Under and pursuant to the provisions of the Pennsylvania Unemployment Compensation Law, the Receivers filed reports and paid to the appellant, Commonwealth of Pennsylvania, unemployment compensation contributions based upon wages paid certain types of individuals performing services in and about the theatre. The Receivers, under protest, filed employers' reports as to the remuneration paid by them to the vaudeville artists appearing and performing in the theatre, but refused to pay unemployment compensation contributions based thereon. Appellant filed with the Receivers its claim for such contributions, together with statutory interest thereon in accord with the Act of Assembly in such case made and provided. Payment of such contributions and interest was refused.

On May 27, 1943, James L. Baxter was appointed Special Master to audit the First and Final Account of the Receivers filed. On April 23, 1945, the Special Master filed a second report, and denied therein payment to the appellant of its claim. Appellant filed with and argued before the lower court exceptions to this second report of the Special Master.The lower court entered an order dismissing the exceptions and confirmed the report of the Special Master. The Commonwealth of Pennsylvania appealed from this order.

The appellant contends that the District Court erred in holding that the principal question involved was whether vaudeville artists who fill engagements of several days duration at the Carman Theatre were employees within the meaning of the Pennsylvania Unemployment Act, or whether they were independent contractors. Appcllant argues that the two main questions involved were:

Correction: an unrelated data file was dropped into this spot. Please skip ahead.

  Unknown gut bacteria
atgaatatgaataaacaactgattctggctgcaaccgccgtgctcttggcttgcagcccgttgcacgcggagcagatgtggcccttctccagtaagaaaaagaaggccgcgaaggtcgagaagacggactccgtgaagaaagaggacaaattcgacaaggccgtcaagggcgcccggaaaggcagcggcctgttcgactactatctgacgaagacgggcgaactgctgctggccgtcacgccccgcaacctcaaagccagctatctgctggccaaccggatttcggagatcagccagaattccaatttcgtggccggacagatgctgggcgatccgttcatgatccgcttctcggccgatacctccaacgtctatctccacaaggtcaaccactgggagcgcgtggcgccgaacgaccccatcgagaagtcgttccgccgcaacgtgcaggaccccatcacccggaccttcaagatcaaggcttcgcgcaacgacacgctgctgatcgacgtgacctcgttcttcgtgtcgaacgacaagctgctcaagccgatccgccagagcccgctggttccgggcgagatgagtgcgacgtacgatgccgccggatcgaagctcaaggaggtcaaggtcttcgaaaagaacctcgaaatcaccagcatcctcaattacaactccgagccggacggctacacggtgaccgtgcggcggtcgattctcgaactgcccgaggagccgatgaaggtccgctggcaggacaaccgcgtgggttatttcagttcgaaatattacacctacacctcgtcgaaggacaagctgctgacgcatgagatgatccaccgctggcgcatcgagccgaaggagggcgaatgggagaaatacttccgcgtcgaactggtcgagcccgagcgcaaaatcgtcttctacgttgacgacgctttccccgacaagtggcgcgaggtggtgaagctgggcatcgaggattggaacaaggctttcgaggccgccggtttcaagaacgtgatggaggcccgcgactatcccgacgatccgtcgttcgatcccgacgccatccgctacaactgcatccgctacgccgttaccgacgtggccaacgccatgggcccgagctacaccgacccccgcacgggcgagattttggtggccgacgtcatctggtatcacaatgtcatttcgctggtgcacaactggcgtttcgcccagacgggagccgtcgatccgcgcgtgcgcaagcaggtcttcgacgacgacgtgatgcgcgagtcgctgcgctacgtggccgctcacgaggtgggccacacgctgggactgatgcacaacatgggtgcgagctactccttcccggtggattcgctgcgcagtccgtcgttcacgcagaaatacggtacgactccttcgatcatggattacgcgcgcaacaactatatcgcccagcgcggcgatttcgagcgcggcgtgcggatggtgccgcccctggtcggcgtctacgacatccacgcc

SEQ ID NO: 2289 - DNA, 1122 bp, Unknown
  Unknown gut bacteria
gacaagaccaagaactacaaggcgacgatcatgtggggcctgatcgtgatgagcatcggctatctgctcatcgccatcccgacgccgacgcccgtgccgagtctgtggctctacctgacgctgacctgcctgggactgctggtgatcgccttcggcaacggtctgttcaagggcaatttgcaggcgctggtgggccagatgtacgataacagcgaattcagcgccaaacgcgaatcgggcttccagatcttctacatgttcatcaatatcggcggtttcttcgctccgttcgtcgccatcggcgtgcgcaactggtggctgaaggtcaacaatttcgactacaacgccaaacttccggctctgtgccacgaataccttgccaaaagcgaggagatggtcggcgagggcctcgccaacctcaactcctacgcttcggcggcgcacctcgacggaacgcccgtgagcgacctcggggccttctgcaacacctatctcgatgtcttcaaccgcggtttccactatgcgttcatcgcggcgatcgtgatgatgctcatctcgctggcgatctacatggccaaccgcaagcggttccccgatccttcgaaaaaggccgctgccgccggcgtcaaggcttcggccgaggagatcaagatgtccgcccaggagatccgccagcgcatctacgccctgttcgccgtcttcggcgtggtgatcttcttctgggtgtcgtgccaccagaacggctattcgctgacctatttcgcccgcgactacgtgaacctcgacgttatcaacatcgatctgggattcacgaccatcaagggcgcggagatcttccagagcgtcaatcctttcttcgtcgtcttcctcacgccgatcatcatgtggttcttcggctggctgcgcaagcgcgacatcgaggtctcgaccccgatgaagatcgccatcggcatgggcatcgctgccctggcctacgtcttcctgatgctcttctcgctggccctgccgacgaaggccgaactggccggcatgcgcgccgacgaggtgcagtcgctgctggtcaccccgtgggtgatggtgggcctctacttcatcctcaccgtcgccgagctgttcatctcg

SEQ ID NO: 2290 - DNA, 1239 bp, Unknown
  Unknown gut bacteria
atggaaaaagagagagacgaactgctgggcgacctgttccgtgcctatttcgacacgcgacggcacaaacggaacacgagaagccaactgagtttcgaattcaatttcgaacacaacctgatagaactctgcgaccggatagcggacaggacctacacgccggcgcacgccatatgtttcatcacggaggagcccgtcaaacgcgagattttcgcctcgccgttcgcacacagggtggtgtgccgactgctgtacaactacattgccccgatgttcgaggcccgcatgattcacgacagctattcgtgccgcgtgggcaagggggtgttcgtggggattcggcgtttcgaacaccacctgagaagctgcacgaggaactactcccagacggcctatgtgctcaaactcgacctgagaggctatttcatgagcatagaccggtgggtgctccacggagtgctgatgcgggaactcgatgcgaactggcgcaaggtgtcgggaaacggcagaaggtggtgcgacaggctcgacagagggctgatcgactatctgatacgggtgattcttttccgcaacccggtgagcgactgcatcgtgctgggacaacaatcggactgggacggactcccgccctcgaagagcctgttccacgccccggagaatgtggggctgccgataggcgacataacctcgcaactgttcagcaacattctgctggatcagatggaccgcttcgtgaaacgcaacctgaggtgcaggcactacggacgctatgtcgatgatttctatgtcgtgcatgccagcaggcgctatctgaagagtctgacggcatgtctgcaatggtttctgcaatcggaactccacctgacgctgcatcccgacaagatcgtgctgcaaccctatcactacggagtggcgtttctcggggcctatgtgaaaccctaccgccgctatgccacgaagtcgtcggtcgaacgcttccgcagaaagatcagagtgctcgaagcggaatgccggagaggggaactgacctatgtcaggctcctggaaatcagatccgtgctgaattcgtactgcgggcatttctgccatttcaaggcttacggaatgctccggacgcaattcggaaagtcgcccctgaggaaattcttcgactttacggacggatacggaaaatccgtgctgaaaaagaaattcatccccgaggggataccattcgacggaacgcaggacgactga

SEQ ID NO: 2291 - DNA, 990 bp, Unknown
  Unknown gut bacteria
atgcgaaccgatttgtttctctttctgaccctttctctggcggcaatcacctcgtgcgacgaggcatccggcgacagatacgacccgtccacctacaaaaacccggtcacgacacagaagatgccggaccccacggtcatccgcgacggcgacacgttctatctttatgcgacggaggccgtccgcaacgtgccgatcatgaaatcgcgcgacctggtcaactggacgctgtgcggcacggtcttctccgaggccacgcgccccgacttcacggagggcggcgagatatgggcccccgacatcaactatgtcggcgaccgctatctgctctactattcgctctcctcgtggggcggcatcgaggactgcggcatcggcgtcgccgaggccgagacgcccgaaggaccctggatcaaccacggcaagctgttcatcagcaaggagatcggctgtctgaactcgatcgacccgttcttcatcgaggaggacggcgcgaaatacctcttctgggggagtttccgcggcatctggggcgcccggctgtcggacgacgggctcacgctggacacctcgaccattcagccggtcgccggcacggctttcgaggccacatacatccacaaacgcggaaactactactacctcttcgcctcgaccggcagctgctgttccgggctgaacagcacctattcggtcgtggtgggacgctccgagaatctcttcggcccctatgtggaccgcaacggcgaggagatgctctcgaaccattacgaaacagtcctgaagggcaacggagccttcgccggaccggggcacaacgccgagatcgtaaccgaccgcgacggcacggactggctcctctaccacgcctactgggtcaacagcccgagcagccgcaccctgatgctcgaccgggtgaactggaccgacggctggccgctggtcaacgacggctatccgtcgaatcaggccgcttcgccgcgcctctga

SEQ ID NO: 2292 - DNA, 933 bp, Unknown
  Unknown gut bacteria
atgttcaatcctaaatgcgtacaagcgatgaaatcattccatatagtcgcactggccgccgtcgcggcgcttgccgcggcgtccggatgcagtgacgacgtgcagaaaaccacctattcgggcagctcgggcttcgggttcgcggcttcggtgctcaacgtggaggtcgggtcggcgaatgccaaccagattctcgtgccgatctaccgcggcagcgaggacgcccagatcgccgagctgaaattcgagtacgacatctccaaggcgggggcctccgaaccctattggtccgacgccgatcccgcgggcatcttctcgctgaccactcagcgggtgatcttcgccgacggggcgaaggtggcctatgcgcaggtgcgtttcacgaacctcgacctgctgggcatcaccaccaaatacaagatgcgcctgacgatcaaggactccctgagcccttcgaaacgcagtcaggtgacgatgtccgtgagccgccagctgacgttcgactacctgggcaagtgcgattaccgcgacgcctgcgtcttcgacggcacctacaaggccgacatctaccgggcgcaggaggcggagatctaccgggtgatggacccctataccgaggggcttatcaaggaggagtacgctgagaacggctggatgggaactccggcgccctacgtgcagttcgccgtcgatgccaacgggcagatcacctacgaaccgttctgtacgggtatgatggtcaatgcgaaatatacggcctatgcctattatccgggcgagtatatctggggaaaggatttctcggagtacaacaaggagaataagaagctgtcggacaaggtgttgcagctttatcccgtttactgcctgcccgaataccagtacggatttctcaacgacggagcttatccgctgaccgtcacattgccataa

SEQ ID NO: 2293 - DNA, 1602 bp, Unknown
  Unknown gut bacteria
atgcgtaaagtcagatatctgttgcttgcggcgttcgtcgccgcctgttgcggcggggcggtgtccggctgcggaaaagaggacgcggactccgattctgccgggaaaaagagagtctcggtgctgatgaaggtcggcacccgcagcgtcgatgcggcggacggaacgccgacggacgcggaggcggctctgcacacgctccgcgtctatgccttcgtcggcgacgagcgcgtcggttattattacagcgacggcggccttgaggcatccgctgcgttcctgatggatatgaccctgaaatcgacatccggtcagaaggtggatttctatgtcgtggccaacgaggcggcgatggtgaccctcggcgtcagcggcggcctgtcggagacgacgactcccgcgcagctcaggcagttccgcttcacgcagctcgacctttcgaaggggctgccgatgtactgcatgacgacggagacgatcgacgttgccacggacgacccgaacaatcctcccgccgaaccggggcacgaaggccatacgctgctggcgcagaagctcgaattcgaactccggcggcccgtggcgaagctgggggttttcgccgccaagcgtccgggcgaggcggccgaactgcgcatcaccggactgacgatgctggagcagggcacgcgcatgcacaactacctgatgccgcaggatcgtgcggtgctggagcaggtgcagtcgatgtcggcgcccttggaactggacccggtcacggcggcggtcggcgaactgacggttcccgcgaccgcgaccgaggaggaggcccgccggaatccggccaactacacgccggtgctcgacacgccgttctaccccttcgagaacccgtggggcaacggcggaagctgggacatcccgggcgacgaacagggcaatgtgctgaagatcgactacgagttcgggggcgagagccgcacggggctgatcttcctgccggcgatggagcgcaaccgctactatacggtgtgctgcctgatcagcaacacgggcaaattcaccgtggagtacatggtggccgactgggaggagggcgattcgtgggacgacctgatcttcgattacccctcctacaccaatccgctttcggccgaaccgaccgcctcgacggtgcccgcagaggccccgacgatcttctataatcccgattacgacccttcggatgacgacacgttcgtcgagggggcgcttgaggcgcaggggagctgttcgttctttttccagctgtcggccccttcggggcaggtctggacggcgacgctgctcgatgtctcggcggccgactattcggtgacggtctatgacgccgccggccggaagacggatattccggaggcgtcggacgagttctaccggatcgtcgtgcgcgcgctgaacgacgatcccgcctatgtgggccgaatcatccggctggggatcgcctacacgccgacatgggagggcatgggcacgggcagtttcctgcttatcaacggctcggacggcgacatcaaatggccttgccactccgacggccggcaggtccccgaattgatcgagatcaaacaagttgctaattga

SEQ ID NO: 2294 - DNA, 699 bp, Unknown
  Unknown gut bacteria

(1) Did the services performed by the "vaudeville entertainers" at the Carman Theatre for remuneration paid by the management in the course of its enterprise constitute "employment" within the meaning and intent of the Pennsylvania Unemployment Compensation Law of December 5, 1936, P.L. of 1937, 2897, as amended, 43 P.S. § 753 et seq.?

(2) Did the remuneration paid such "vaudeville entertainers" for such services rendered constitute "wages" within the intent and meaning of the Pennsylvania Unemployment Compensation Law of December 5, 1936, P.L. of 1937, 2897, as amended, 43 P.S. § 753 et seq.?*fn2

Claims for the recovery of unemployment taxes applicable to the vaudeville performers involved in this case were originally filed both by the Federal Government and the Commonwealth of Pennsylvania. Both claims were denied by the Receivers. The Special Master sustained the Receivers' action.

The first problem before the Court is the orientation of the facts in this case into the law applicable in the federal court. Federal jurisdiction is invoked solely on account of the receivership of the defendants; there is no independent federal question involved before the Court in the claims of the Commonwealth. Since the claim of the Commonwealth is based on the provisions of a Pennsylvania statute, the Court must first try to determine, by all the available decisions which might exist, what construction has been placed on said statute by the courts in this Commonwealth. The Supreme Court of the United States and the Circuit Court of Appeals in this Circuit and other circuits have repeatedly held that in the interpretation or construction of a state statute, it is the duty of the federal courts to accept the meaning ascribed to state laws by the highest court of the state.*fn3

If no interpretation or construction has been placed on said Act of Assembly by the Supreme Court of Pennsylvania, it is next necessary for the federal court to ascertain whether or not any alternative determination of the questions which exist has been made by any other appellate tribunal in the Commonwealth of Pennsylvania, and if this has not been done, whether or not the trial courts are in agreement.*fn4

It, therefore, appears that we are bound to give due deference to the state law as declared by the highest court in the Commonwealth, any other appellate tribunal, or decisions of the lower court, if in accord, which will ...